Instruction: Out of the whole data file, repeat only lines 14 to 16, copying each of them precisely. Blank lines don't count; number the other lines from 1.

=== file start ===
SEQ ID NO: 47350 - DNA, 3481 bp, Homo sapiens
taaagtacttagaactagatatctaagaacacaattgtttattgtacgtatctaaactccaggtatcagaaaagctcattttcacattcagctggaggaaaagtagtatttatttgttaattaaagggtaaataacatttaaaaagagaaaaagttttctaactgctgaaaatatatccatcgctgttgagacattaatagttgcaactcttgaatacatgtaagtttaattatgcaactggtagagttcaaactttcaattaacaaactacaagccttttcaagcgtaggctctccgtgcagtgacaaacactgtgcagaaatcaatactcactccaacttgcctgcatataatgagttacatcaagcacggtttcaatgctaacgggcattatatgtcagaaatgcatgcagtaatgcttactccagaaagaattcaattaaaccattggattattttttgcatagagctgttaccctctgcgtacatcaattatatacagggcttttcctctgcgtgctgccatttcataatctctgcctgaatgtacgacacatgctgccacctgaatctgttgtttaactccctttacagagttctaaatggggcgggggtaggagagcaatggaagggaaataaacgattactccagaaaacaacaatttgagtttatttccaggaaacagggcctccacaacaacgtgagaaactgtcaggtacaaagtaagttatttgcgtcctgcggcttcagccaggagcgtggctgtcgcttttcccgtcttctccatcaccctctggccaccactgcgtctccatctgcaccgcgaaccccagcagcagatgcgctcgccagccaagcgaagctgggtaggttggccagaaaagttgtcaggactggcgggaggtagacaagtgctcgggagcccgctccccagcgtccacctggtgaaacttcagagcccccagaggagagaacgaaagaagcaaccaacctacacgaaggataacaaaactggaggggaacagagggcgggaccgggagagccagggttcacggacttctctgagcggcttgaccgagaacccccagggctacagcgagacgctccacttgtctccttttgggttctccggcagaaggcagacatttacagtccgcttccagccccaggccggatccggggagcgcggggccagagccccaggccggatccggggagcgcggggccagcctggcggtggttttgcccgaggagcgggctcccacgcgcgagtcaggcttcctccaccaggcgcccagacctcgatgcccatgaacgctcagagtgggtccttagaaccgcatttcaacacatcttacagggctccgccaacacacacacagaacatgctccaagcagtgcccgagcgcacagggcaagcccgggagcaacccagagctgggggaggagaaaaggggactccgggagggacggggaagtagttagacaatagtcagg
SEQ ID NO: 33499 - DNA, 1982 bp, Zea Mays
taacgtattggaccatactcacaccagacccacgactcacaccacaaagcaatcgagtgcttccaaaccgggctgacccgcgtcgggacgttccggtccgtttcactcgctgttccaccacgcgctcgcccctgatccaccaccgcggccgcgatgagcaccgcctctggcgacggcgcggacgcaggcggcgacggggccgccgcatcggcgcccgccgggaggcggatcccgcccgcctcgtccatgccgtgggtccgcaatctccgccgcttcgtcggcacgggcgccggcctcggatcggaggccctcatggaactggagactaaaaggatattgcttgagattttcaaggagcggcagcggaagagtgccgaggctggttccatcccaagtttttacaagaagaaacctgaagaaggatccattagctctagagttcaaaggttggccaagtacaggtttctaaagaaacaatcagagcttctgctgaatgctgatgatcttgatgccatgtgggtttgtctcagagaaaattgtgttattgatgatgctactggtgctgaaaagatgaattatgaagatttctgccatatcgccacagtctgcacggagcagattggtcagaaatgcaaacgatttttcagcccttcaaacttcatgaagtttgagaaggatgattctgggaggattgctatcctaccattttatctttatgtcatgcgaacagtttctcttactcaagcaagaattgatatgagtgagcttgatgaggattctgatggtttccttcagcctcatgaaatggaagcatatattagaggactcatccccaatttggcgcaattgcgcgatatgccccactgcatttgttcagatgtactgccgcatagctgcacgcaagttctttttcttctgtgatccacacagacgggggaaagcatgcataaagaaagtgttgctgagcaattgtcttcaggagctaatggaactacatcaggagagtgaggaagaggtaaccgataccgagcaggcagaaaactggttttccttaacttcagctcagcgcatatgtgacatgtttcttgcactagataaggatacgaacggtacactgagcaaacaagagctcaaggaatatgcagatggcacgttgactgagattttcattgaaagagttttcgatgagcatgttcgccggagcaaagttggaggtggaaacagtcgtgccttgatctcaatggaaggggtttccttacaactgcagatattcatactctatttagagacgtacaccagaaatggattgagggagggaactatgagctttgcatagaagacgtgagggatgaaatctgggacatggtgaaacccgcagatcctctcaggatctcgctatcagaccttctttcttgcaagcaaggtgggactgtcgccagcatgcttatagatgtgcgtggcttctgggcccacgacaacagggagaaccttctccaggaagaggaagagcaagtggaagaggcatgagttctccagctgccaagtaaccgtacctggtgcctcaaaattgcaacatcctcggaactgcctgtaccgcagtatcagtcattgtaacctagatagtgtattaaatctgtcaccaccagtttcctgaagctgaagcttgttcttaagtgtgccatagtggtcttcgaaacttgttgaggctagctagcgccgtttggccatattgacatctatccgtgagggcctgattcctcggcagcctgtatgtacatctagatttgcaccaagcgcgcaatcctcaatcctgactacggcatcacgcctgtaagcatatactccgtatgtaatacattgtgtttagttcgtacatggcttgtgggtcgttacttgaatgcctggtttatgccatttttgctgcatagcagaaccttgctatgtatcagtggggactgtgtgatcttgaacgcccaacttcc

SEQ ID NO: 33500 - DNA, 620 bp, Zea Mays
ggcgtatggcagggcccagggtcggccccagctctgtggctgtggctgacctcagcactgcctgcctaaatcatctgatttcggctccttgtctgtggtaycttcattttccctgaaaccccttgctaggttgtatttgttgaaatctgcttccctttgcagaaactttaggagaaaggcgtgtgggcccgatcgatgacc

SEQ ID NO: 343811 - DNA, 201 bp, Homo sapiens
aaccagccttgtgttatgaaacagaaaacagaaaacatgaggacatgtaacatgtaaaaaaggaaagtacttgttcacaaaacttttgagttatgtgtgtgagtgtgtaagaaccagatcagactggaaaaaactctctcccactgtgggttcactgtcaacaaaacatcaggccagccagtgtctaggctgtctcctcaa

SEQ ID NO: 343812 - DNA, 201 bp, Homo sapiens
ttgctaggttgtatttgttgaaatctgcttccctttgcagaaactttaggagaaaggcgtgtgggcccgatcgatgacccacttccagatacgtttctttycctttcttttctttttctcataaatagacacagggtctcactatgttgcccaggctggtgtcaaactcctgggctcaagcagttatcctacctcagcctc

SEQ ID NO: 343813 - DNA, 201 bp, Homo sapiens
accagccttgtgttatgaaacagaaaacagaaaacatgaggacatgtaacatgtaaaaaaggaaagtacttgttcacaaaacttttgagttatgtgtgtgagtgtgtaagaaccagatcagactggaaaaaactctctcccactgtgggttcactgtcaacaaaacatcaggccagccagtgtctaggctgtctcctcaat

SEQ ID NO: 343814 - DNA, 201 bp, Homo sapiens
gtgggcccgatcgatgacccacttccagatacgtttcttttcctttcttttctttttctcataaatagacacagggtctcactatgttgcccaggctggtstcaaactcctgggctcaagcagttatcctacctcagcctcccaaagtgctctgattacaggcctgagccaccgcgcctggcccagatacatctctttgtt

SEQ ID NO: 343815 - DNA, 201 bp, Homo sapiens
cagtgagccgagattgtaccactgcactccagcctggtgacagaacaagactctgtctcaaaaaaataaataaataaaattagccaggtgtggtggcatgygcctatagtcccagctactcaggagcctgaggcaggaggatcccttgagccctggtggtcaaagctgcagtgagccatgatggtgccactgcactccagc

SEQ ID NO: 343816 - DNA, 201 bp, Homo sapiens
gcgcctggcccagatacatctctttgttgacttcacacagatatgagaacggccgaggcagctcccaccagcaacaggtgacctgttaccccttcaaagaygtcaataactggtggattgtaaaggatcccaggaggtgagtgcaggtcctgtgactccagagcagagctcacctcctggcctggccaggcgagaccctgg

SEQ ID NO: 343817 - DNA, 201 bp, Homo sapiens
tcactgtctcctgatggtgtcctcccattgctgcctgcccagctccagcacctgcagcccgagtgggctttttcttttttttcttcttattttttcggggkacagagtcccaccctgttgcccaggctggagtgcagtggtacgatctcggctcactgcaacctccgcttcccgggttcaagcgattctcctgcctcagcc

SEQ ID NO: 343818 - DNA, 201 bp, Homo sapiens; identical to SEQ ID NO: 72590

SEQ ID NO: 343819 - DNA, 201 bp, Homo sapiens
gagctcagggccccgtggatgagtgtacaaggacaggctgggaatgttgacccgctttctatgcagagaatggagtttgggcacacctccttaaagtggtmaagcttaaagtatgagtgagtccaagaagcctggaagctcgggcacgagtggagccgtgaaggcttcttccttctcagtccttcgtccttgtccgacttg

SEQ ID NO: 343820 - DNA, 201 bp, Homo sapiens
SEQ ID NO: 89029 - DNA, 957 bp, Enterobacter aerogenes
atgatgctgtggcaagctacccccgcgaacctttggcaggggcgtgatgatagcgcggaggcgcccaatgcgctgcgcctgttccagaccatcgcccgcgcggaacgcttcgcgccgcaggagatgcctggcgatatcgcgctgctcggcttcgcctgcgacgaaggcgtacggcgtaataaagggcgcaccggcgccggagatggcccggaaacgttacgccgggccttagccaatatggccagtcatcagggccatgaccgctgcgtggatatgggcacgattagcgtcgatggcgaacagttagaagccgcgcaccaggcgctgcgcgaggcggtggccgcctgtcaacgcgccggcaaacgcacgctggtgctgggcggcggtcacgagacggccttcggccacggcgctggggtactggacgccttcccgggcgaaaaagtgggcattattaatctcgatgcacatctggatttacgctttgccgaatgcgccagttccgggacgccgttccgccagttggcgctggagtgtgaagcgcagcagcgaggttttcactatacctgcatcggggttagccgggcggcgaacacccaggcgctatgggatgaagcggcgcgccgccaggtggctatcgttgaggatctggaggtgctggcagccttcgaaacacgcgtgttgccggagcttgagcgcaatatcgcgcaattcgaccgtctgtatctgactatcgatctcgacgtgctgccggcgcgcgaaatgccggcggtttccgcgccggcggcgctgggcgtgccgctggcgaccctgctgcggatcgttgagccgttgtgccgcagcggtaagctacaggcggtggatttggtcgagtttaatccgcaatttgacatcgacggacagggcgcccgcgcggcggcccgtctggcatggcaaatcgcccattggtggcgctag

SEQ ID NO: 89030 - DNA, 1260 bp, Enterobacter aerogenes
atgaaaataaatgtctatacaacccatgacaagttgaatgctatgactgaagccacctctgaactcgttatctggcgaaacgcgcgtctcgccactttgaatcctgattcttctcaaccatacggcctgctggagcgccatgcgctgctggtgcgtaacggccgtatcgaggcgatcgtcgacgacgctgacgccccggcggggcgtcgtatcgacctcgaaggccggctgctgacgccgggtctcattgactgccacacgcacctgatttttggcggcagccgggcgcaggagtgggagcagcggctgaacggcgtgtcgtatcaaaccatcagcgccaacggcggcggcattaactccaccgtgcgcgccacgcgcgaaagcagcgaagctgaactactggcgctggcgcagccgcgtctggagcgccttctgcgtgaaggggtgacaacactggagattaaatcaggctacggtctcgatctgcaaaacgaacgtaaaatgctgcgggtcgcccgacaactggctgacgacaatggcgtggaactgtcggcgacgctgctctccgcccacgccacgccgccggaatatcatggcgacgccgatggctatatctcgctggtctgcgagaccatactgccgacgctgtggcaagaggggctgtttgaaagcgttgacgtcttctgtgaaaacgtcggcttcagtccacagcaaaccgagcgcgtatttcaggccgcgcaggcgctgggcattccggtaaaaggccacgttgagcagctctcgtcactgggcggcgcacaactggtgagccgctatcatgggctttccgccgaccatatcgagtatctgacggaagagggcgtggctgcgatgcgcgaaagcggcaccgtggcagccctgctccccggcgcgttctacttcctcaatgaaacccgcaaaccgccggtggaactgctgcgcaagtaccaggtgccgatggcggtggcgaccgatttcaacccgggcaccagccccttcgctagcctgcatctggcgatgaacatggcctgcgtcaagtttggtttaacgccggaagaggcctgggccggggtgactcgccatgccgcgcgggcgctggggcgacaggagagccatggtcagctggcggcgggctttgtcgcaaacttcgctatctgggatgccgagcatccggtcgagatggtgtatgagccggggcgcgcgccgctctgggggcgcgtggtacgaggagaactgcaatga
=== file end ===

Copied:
gtgggcccgatcgatgacccacttccagatacgtttcttttcctttcttttctttttctcataaatagacacagggtctcactatgttgcccaggctggtstcaaactcctgggctcaagcagttatcctacctcagcctcccaaagtgctctgattacaggcctgagccaccgcgcctggcccagatacatctctttgtt

SEQ ID NO: 343815 - DNA, 201 bp, Homo sapiens
cagtgagccgagattgtaccactgcactccagcctggtgacagaacaagactctgtctcaaaaaaataaataaataaaattagccaggtgtggtggcatgygcctatagtcccagctactcaggagcctgaggcaggaggatcccttgagccctggtggtcaaagctgcagtgagccatgatggtgccactgcactccagc